That is why the most reasonable initiatives that have been made so far do not intent to replace Java but to concurrently provide a “true” Python alternative. The most promising in my opinion: Python 3 Processing on JVM through JEP (would support both eco-systems). But it will probably be a long time before it is released and fully operational.

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It’s possible. Great post overall. Good read, appreciate it.

It’s utter FUD though! I don’t know anyone who worked at Sun on Java things who even knew what Processing was. The vast majority of Java people I speak to have never heard of Processing. The number of users Processing brings in is minimal in comparison to the wider Java ecosystem. And as much as I dislike a lot about Oracle, the changes brought in over the last couple of years and the commitment to open-sourcing everything have been a major positive.

TL;DR - I long ago (2006) took to ignoring what the original Processing devs have to say about Java, it’s usually nonsense, and they still haven’t moved away from it 14 years later! :smile:

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I’d love to switch over to native python processing. Python mode is too restrictive. Lure of the Python for me comes from libraries like numpy or keras and they don’t run in Python mode. But only few days ago I learned about p5 (https://p5.readthedocs.io/en/latest/ or https://pypi.org/project/p5/). A native Python port of processing API. I’m looking forward to trying it out.

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I meant @solub’s post was good reading, not the P devs’ Github post. :upside_down_face:

Thinking about it more, there’s definitely something to the idea that a more easy-to-learn and easy-to-use language is more conducive to rapid prototyping in Processing. I know basic Python and basic JS, and I know a little bit of Java. In my experience, armed with the above, it’s way easier to make complex stuff in Processing using either basic Python or JS, because the languages are easier to riff with. Compare that to Java, where you have to know a lot more of the underpinnings and inner workings of the language to be able to improvise.

Example: I ran into a situation yesterday where I was porting some Processing.py code to Processing Java. I had Function A, whose params could be either single numbers or arrays, depending on what was passed to it. Inside Function A was a nested definition for Function B, which was passed as an argument to Function C. Those were all trivial to implement in basic Python or JS, but when I tried to translate to Java, and I Googled how to handle each thing, the answers weren’t straightforward at all, and I realized I basically need to find a big fat Java book and dig into learning much more of the language and philosophy etc. Which I’m now debating whether to bother with at all, vs just sticking with Python and JS.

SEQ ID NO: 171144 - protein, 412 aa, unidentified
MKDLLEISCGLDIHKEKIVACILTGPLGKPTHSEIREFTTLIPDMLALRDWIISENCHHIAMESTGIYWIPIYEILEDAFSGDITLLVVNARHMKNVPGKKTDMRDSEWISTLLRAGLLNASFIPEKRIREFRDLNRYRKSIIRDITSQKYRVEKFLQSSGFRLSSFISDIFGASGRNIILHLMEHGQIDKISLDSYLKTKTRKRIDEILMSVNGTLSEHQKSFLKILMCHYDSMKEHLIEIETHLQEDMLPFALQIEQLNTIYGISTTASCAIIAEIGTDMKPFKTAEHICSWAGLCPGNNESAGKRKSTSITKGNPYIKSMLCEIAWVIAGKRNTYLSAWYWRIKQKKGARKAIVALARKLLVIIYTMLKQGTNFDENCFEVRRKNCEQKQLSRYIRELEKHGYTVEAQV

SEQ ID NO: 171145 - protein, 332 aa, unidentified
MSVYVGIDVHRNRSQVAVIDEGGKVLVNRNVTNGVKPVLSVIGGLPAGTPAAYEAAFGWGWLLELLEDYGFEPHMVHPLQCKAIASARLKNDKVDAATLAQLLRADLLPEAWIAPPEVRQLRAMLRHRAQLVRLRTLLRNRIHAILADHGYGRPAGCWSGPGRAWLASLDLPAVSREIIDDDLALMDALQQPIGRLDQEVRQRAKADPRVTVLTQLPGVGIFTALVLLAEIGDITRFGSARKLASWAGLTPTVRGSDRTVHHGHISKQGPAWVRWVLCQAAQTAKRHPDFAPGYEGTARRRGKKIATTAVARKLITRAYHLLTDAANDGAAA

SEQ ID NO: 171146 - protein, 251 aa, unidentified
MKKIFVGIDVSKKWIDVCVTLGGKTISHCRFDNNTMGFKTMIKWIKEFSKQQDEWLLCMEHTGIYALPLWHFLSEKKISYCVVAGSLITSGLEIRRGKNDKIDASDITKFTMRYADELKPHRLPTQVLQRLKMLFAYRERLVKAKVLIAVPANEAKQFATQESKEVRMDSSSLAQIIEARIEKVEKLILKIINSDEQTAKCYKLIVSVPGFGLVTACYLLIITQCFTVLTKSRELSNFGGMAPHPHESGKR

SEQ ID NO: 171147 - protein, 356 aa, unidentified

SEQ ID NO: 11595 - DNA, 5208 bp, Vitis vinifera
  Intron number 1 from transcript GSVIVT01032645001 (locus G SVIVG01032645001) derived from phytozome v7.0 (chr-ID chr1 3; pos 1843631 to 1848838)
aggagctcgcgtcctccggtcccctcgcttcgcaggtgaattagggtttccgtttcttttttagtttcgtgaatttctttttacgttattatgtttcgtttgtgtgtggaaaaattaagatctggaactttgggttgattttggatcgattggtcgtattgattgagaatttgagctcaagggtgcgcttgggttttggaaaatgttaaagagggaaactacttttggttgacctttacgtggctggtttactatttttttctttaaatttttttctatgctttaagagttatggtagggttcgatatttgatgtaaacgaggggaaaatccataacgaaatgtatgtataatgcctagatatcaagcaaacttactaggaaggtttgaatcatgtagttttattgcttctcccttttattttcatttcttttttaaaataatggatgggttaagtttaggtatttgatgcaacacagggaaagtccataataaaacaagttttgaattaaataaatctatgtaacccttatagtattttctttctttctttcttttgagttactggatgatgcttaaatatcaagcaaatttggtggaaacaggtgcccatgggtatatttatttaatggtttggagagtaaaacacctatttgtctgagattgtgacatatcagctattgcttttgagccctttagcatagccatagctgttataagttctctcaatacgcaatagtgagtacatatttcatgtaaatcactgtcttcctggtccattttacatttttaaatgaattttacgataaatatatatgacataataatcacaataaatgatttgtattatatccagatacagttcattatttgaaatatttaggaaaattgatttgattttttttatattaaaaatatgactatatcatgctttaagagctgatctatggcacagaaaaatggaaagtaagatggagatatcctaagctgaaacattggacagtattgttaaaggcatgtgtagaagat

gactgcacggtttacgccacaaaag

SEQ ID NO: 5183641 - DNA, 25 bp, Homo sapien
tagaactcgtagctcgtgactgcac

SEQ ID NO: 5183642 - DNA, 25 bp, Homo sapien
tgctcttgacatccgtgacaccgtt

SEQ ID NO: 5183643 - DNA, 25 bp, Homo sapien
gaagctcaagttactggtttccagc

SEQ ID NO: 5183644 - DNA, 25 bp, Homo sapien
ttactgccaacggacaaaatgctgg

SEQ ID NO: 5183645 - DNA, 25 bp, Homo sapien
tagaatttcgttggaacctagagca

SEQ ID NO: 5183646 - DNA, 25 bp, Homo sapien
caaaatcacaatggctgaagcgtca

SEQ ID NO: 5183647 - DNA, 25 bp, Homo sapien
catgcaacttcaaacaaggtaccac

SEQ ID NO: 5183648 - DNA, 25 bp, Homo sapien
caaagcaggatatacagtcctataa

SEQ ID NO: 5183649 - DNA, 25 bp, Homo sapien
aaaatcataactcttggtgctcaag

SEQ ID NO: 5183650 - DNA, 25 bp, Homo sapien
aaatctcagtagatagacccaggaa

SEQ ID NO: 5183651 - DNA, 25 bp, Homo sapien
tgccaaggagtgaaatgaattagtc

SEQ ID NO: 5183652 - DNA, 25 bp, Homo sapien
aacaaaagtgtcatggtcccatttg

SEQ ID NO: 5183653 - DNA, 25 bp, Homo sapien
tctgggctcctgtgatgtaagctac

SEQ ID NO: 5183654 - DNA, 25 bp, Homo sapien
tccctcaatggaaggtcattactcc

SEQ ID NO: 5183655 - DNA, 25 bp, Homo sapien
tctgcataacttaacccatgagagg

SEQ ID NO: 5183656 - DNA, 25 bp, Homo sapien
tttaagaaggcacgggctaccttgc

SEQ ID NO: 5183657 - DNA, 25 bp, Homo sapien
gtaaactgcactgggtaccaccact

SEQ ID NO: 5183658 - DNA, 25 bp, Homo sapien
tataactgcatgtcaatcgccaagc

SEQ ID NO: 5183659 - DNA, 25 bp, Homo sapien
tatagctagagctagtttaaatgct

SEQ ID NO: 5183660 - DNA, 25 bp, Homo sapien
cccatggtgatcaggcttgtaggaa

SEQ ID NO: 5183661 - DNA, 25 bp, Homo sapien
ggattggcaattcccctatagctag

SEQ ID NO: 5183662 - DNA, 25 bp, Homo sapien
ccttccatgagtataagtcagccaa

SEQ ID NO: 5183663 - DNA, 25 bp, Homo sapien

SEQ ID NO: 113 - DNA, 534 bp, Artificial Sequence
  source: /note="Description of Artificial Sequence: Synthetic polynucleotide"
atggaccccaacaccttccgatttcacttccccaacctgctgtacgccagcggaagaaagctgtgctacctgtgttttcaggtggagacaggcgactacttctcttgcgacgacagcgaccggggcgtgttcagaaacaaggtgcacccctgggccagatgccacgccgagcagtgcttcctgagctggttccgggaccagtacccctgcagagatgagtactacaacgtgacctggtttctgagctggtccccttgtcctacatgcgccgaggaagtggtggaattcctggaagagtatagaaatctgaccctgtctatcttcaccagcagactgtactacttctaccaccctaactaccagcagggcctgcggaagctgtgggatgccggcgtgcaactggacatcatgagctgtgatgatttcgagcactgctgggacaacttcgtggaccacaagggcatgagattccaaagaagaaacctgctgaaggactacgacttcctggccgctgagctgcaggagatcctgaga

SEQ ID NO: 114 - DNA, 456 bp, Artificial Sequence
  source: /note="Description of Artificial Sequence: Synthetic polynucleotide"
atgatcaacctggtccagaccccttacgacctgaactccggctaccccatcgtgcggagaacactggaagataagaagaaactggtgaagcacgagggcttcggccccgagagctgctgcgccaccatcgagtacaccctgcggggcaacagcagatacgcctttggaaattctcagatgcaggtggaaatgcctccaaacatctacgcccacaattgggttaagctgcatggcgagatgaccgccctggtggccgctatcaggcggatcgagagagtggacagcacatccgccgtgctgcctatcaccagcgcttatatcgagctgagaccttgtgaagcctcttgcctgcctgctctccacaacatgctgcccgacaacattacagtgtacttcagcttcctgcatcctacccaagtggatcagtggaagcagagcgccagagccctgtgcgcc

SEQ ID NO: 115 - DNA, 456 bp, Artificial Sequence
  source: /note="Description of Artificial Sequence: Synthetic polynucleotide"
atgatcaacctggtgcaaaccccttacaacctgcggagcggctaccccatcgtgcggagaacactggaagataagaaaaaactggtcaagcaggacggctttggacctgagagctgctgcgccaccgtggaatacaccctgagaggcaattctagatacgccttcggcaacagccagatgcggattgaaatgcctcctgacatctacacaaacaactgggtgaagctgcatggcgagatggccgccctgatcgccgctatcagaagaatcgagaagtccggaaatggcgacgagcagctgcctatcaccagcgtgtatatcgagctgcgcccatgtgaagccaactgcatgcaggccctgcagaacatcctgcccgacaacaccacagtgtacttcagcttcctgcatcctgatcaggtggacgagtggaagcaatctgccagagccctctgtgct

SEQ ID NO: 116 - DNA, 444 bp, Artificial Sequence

There’s nothing inherently wrong with a language being more complex than another one. But in the case of the default language for a tool that’s meant to make art vs coding pacemakers… :thinking:

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Personally I find ruby to be an easy to use and easy to learn language (but I might be biased). Being based on JRuby (cf jython) it is relatively up to date with ruby (currently ruby 2.5 soon to be ruby 2.6 compatible). I have tried processing.py but for me unless numpy is available there is no compelling reason to prefer python. I also tried pyprocessing but that was somewhat under-performant albeit numpy was available. Processing in ruby on the RaspberryPI is available as PiCrate for most others there’s a choice between JRubyArt and propane.

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haha, yes, that’s obvious when I re-read!

Well, as someone who spends lots of time riffing in Java in front of people, I’m not sure I agree with you! :rofl: Actually, being serious, I don’t think the choice of language is that important - definitely not compared to simple APIs and hiding boilerplate. Certainly from teaching beginners I’ve found that language is almost irrelevant in comparison.

Processing made a great job there, building a beginner friendly API, and hiding all the complex stuff of the wrapping class, imports, etc. Where they went wrong in my opinion was changing the syntax of the language. That has made things far too complex, and kept Processing from keeping up-to-date with Java’s evolution - your example would be much easier in idiomatic Java 8+ or 11+.

My own reason for working with Java is a desire to work with a more unified tech stack - no fast native / slow scripting distinction. Now Graal might change that! The future choice for Processing and Python is probably https://github.com/graalvm/graalpython

Not sure I agree with much of that if you expand away from Processing’s libraries and consider the wider Java ecosystem, but the key thing with Graal would be, why choose? Let’s have it all! :smile:

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Since I’ve heard that Nashorn JS would be removed from Java, I’ve searched and found that Graal would continue its legacy as modern Node.js.